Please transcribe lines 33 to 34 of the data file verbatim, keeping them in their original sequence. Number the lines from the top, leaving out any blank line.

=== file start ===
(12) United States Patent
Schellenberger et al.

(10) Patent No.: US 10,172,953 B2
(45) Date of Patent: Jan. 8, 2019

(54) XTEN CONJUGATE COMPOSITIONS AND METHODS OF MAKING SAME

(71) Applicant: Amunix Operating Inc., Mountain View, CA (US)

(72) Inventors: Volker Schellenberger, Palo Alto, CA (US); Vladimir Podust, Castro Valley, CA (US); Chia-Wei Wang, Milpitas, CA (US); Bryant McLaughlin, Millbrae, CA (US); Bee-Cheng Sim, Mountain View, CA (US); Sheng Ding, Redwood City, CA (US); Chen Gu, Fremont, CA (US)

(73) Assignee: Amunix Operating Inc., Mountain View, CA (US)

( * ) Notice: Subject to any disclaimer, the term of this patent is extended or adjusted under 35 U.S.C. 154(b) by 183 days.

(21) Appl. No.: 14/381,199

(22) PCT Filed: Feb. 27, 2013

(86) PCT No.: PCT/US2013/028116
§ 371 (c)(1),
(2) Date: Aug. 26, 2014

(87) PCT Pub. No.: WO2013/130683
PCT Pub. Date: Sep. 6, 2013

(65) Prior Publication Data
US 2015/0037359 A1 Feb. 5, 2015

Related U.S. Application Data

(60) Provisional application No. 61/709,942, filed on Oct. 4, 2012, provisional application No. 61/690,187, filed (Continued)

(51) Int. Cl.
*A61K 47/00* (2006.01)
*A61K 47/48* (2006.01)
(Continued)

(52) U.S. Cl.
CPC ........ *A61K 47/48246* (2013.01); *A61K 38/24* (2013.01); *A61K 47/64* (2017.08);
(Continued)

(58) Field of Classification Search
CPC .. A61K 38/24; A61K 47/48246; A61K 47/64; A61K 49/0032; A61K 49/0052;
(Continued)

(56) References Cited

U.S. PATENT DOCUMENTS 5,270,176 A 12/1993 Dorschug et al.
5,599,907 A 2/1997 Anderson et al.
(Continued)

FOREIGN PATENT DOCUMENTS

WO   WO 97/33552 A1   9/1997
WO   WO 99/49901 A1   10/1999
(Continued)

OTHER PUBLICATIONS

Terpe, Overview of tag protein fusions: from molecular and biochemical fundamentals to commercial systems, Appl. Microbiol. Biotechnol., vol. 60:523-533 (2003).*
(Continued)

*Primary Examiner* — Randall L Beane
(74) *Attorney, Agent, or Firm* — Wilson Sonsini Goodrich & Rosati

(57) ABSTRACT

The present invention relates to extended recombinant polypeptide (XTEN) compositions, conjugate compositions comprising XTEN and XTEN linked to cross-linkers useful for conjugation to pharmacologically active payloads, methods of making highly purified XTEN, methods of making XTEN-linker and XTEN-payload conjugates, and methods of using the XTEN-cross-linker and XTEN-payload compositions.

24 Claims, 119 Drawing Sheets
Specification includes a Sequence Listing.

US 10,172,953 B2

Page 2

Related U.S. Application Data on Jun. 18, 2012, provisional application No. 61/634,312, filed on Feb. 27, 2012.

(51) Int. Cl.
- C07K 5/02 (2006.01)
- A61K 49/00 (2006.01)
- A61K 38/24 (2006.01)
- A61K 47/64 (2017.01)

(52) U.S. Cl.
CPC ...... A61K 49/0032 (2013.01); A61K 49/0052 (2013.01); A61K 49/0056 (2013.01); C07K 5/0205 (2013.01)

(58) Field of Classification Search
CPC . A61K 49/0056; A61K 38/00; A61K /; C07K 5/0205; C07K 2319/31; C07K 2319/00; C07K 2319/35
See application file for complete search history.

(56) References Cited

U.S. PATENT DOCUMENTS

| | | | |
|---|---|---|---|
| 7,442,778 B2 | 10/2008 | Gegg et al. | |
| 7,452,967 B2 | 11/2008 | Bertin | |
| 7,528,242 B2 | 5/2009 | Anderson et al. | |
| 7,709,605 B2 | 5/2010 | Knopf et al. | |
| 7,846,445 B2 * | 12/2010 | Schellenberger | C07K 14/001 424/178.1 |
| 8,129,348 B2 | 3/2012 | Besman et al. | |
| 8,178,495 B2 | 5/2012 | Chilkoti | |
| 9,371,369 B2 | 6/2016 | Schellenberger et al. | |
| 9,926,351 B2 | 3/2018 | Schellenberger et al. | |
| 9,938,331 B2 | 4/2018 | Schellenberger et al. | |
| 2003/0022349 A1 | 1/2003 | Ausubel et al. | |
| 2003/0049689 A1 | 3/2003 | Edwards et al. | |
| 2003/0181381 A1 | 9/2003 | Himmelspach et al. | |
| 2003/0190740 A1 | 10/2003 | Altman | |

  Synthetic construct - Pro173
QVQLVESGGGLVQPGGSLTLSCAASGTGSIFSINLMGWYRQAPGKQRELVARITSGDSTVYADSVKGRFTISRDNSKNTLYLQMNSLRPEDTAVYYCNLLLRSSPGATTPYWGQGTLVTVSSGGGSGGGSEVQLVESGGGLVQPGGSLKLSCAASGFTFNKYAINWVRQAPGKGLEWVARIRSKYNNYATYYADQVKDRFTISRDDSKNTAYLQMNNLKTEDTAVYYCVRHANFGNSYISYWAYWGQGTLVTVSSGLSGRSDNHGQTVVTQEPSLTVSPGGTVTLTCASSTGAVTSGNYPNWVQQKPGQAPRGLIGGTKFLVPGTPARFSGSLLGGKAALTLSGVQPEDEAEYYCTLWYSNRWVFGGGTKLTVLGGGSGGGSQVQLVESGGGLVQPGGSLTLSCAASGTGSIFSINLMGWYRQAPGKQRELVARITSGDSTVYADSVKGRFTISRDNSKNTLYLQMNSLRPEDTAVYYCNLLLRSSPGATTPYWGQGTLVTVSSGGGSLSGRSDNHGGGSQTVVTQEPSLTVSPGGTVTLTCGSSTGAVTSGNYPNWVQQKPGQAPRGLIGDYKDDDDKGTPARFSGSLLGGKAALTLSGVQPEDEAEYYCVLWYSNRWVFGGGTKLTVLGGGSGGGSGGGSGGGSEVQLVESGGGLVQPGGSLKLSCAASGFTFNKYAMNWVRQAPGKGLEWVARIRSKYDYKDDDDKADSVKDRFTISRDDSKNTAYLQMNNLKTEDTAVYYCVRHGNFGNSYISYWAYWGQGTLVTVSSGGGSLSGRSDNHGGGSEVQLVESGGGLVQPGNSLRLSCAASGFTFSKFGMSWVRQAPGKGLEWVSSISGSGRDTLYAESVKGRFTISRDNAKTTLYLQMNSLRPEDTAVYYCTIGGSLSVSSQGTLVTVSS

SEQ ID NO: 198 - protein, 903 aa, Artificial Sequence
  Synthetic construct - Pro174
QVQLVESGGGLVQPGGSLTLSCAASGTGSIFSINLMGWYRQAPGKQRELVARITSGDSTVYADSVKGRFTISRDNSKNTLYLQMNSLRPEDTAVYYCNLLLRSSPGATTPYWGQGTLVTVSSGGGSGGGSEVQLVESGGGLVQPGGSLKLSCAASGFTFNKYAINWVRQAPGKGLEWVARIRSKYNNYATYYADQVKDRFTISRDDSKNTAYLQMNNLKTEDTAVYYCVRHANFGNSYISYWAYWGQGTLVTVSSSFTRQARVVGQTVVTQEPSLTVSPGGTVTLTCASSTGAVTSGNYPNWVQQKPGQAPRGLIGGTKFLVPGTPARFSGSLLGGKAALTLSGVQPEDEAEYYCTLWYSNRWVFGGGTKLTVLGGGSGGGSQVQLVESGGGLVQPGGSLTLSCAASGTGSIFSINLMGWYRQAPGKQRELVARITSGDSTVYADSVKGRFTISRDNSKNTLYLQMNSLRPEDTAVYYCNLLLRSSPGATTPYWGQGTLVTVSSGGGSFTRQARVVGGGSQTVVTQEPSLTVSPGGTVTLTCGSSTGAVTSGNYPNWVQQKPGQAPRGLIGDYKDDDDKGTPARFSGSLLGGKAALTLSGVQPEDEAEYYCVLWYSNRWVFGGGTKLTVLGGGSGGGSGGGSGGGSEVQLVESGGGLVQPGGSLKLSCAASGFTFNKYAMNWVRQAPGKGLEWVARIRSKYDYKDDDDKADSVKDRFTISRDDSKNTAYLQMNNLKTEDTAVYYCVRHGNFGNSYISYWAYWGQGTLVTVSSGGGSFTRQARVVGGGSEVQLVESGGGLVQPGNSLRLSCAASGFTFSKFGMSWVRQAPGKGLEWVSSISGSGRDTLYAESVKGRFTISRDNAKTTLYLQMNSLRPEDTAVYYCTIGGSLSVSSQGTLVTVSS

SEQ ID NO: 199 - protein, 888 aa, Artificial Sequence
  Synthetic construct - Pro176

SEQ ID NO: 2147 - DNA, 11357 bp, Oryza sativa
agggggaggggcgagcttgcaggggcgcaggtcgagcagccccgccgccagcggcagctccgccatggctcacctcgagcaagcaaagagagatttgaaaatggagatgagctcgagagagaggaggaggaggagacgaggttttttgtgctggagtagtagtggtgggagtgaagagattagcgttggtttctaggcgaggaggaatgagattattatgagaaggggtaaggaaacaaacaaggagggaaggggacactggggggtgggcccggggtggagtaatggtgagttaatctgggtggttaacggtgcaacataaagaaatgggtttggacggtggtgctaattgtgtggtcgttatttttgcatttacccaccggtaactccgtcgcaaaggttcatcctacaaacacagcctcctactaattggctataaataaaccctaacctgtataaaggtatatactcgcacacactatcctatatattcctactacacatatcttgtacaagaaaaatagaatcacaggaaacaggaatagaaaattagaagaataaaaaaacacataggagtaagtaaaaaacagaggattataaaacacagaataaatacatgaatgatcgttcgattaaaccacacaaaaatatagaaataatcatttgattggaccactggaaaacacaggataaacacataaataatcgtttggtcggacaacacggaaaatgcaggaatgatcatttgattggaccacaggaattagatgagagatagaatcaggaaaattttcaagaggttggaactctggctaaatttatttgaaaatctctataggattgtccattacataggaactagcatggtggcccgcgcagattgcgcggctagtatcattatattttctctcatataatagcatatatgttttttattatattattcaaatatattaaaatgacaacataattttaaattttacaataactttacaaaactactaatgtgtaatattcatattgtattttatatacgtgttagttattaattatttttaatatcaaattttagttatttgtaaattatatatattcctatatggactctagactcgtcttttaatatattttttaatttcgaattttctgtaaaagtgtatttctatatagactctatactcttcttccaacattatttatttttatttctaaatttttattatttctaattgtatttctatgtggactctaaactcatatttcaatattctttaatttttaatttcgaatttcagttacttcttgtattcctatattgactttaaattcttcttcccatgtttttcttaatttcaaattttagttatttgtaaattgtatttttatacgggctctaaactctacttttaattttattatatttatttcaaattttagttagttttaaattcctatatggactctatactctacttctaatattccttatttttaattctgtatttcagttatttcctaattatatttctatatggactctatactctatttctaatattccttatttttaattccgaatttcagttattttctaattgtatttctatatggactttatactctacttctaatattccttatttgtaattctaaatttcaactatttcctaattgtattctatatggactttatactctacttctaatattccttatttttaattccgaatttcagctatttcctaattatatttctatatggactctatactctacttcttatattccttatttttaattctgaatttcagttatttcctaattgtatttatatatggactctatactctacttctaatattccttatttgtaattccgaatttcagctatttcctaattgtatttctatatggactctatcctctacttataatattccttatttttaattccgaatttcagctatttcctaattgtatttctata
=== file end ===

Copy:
5,599,907 A 2/1997 Anderson et al.
(Continued)